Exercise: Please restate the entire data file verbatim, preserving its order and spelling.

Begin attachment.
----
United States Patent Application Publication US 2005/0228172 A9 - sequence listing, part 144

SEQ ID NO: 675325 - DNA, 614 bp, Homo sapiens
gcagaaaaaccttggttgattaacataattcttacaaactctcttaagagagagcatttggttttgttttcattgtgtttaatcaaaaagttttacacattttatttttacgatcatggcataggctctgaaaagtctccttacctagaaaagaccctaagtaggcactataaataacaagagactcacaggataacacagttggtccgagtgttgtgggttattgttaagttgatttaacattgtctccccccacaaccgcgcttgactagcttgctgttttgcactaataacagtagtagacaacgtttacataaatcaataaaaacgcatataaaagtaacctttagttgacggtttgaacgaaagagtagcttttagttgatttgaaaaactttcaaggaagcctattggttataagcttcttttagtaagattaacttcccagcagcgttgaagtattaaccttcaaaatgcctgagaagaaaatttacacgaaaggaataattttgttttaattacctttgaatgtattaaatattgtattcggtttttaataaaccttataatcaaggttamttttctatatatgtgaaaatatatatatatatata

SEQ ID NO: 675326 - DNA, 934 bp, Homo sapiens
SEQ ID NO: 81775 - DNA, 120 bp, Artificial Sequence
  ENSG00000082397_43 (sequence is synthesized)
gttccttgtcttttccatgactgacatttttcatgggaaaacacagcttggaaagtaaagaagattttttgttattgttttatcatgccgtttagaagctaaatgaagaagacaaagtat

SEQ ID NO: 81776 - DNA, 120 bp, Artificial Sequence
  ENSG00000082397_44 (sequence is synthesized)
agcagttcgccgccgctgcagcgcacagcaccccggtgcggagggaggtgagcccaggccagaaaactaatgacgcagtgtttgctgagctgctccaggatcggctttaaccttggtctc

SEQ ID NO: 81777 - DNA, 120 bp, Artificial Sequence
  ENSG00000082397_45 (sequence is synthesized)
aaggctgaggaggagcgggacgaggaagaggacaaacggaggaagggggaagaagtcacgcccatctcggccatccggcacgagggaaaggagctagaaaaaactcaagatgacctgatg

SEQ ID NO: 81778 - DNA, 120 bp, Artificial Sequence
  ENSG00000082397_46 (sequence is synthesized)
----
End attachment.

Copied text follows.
United States Patent Application Publication US 2005/0228172 A9 - sequence listing, part 144

SEQ ID NO: 675325 - DNA, 614 bp, Homo sapiens
gcagaaaaaccttggttgattaacataattcttacaaactctcttaagagagagcatttggttttgttttcattgtgtttaatcaaaaagttttacacattttatttttacgatcatggcataggctctgaaaagtctccttacctagaaaagaccctaagtaggcactataaataacaagagactcacaggataacacagttggtccgagtgttgtgggttattgttaagttgatttaacattgtctccccccacaaccgcgcttgactagcttgctgttttgcactaataacagtagtagacaacgtttacataaatcaataaaaacgcatataaaagtaacctttagttgacggtttgaacgaaagagtagcttttagttgatttgaaaaactttcaaggaagcctattggttataagcttcttttagtaagattaacttcccagcagcgttgaagtattaaccttcaaaatgcctgagaagaaaatttacacgaaaggaataattttgttttaattacctttgaatgtattaaatattgtattcggtttttaataaaccttataatcaaggttamttttctatatatgtgaaaatatatatatatatata

SEQ ID NO: 675326 - DNA, 934 bp, Homo sapiens
SEQ ID NO: 81775 - DNA, 120 bp, Artificial Sequence
  ENSG00000082397_43 (sequence is synthesized)
gttccttgtcttttccatgactgacatttttcatgggaaaacacagcttggaaagtaaagaagattttttgttattgttttatcatgccgtttagaagctaaatgaagaagacaaagtat

SEQ ID NO: 81776 - DNA, 120 bp, Artificial Sequence
  ENSG00000082397_44 (sequence is synthesized)
agcagttcgccgccgctgcagcgcacagcaccccggtgcggagggaggtgagcccaggccagaaaactaatgacgcagtgtttgctgagctgctccaggatcggctttaaccttggtctc

SEQ ID NO: 81777 - DNA, 120 bp, Artificial Sequence
  ENSG00000082397_45 (sequence is synthesized)
aaggctgaggaggagcgggacgaggaagaggacaaacggaggaagggggaagaagtcacgcccatctcggccatccggcacgagggaaaggagctagaaaaaactcaagatgacctgatg

SEQ ID NO: 81778 - DNA, 120 bp, Artificial Sequence
  ENSG00000082397_46 (sequence is synthesized)